Tuesday, January 25, 2011

Saree of banaras

Varanasi, still locally known as Banaras, is the undisputed center of India's zari figured silk weaving industry. The sarees of Banaras are much coveted item that are a must that are a must in the treasure trove of an Indian girl.

Juding from several early first-millennium Buddhist texts that mention Banaras fabrics, Varanasi seems to have been a center of fine textile weaving for at least two millennial. Nowadays, and during the past few centuries, its weavers are almost exclusively Muslim, belonging to the Julaha community. They are well known for their entrepreneurial spirit and marketing acumen coupled with a high level of technical and aesthetic skill. Some varanasi weavers trace their history back as far as AD 990, which is about the period that the 'naksha drawloon' is believed to have been introduced into India.

One most important sarees of Banaras is the Banarasi saree. The history of Banarasi saree dates back to the Mughal era when the fame and appreciation of Banarasi silk sarees of India reached the zenith of success. The progression of time and the involvement of different groups of artisans in the weaving sector have caused a subtle change in the patterns and motifs of Banarasi sarees. The excellent amalgamation of Indian and Persian patterns are created and the sarees got a new look and glamour.

The Banarasi saree has a rich variation and the Banaras brocade sarees vary tremendously because weavers create different products to suit different regional markets and changing fashions. Moreover, though the Banaras sarees have a wide variation, several weaving and design characteristics distinguish them from other Indian brocades. The designs and patterns of the Banarasi silk sarees differ as the supplementary thread designs, including dense border patterns, are almost always woven as discontinuous supplementary-weft with the highly decorated endpiece or pallu. These endpieces usually end abruptly in a strip of unembellished cloth 15 to 40 centimeters long. The designs, and consequently the threads, are usually extremely fine, with thread sizes ranging from medium to the finest on the market. There are exceptions, but most Banarasi brocades usually have strong Mughal design influences. This particular Banarasi sarees are designed with intricate intertwining floral and foliate motifs, kalga and bel. According to the creativity and the tradition, the artisans create different designs including buti, buta, jaal that are typical to Banaras brocades. A characteristic motif found along the inner and sometimes outer edges of borders is a narrow fringe-like pattern that often looks like a string of upright leaves, called 'zjhaalar' or frill.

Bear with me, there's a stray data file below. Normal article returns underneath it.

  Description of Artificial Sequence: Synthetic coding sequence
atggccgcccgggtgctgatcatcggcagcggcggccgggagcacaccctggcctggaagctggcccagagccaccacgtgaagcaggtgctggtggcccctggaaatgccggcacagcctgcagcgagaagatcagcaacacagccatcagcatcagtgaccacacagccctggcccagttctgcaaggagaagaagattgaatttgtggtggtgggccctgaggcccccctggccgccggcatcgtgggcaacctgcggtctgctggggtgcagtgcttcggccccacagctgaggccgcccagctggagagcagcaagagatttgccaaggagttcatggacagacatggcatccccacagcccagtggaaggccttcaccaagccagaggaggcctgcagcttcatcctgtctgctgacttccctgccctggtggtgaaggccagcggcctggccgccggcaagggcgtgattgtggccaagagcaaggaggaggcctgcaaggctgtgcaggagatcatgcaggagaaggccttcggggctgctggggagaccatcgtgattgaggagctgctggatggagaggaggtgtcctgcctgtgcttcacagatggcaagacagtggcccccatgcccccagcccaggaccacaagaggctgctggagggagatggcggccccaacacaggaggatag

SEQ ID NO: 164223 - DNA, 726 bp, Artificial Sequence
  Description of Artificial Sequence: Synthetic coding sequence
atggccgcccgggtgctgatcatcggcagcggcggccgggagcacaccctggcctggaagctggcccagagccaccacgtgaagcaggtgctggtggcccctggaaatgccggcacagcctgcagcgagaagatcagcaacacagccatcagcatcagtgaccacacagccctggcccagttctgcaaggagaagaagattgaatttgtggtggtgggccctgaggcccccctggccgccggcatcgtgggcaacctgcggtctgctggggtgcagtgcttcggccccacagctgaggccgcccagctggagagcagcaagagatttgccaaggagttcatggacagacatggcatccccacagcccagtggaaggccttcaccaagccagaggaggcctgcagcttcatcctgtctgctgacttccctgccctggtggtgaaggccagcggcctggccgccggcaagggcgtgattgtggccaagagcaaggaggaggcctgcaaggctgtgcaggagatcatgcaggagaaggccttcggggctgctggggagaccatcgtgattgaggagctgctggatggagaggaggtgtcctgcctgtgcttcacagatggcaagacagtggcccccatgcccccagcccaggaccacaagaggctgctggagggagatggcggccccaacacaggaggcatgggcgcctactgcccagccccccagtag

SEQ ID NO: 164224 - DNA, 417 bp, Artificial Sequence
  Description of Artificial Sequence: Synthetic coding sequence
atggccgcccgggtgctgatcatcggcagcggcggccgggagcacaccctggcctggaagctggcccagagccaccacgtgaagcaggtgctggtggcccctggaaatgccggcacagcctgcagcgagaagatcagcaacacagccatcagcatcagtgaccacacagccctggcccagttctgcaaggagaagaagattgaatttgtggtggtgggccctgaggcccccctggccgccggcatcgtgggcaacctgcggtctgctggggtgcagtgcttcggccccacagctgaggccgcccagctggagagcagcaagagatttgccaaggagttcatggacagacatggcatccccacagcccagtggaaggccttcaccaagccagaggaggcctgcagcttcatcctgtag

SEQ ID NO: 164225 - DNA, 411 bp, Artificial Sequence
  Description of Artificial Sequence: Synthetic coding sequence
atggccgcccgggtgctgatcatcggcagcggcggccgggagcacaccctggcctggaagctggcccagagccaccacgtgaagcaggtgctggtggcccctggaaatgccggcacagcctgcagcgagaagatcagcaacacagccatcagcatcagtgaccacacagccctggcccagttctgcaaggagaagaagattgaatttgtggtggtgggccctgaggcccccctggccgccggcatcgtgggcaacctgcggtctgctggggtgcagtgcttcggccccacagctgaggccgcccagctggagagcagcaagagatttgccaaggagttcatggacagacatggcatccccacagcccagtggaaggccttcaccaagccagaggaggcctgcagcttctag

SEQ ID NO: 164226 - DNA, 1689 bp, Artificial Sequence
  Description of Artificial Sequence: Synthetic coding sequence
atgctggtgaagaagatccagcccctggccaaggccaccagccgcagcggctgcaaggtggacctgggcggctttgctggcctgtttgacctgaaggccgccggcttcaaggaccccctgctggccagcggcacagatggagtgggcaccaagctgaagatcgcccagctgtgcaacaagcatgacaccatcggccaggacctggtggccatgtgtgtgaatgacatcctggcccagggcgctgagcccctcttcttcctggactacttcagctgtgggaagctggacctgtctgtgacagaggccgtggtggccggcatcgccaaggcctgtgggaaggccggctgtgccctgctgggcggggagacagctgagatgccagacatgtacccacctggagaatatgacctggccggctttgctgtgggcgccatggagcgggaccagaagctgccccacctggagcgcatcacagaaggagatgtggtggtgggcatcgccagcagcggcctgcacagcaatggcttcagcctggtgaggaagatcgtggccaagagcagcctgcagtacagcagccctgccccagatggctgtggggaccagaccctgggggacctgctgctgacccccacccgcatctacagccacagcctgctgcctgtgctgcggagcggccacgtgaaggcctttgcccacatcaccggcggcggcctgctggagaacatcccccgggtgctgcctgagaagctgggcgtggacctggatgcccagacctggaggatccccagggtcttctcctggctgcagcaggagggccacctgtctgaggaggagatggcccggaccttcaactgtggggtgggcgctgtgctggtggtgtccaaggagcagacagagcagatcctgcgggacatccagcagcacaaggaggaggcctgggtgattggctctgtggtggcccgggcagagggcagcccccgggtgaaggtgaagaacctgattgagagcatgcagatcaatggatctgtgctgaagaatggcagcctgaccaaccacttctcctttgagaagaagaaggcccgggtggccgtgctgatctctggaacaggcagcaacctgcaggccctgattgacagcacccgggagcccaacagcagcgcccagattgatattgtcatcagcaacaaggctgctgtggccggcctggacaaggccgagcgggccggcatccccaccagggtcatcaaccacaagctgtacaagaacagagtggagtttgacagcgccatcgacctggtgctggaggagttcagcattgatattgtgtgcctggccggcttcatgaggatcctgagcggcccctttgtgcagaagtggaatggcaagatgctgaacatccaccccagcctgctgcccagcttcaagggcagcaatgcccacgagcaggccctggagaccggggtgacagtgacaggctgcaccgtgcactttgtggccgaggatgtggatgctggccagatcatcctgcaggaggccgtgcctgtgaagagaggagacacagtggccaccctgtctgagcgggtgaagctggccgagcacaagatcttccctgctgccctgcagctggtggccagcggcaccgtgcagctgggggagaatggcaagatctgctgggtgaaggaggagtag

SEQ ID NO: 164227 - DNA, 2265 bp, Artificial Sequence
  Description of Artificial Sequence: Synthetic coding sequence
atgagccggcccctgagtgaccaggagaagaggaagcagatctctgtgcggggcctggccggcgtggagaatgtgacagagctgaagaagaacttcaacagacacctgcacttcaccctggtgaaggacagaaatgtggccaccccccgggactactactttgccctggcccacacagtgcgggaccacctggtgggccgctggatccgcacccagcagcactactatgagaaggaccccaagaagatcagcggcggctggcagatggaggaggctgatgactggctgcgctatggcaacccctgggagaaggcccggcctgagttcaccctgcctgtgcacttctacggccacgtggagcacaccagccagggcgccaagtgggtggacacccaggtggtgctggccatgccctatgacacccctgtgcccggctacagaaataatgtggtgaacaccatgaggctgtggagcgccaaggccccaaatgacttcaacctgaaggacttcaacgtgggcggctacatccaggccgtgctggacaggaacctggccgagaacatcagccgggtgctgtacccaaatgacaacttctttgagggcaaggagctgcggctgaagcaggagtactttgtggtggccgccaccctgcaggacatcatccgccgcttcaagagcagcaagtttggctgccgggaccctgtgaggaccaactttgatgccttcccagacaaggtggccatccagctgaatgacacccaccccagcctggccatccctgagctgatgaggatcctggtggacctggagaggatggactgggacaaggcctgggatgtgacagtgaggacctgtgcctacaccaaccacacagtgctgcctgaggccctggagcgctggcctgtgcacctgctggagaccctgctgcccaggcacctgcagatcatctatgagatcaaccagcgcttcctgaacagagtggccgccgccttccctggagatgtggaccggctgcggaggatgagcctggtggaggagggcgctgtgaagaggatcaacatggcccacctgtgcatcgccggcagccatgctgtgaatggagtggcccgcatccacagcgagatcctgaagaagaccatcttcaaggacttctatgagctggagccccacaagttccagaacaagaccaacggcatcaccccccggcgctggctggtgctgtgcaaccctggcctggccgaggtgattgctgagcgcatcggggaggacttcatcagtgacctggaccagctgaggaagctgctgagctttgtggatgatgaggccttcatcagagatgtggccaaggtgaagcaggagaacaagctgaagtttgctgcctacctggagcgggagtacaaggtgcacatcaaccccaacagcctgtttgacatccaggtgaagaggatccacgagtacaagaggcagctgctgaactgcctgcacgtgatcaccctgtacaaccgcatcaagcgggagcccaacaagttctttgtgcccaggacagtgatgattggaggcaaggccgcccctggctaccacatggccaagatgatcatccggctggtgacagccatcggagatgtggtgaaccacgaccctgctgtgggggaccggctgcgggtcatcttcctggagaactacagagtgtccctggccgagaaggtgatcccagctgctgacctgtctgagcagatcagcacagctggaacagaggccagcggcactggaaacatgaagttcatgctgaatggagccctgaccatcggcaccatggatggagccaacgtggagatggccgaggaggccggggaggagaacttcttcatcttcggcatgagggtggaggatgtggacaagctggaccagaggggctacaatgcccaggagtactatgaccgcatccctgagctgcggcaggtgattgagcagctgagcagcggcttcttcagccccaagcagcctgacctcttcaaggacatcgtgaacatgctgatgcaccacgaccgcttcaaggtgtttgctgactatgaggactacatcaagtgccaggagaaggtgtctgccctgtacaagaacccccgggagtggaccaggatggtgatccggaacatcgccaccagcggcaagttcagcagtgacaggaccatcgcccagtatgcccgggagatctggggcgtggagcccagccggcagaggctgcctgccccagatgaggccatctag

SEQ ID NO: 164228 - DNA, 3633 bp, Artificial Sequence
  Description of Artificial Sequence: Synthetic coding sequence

Most Banaras brocade motifs are densely patterned and look three-dimensional, quite unlike the static, two-dimensional quality of Deccan and south Indian brocades. Traditional Banaras sarees are usually found in light colors that are which may be quite pale compared to western and southern Indian silk. Throughout the twentieth century there has also been a class of Banaras brocade that are embellished with patterns from distinctly western design schools that range from mid-Victorian Naturalist through to late twentieth-century Modernist.

besides the excellent bridal silk sarees, the sarees of Banaras fall into several categories. The types of Banaras sarees include opaque zari brocades, Amni brocades, Kincab brocades etc. Though silk is predominantly used in making sarees in Benaras, fabrics like Organza, with zari and silk, pure silk saree, Georgette and Shattir are used in creating exclusive and modernised Banaras sarees. Apart from the traditional Banarasi sarees, several other sarees are also woven in Banaras and these are known as Banarasa sarees as they are woven here. Banaras silk Jamdani, jangla saree, Jamawar Tanchoi saree, Tissue saree, cutwork Saree, Butidar saree etc are created with great excellence and creative exuberance that suit the repute of Banaras.

The authenticity and ethnic look of Indian costumes are reflected in a women when she is clad in an intricately designed traditional saree of Banaras.


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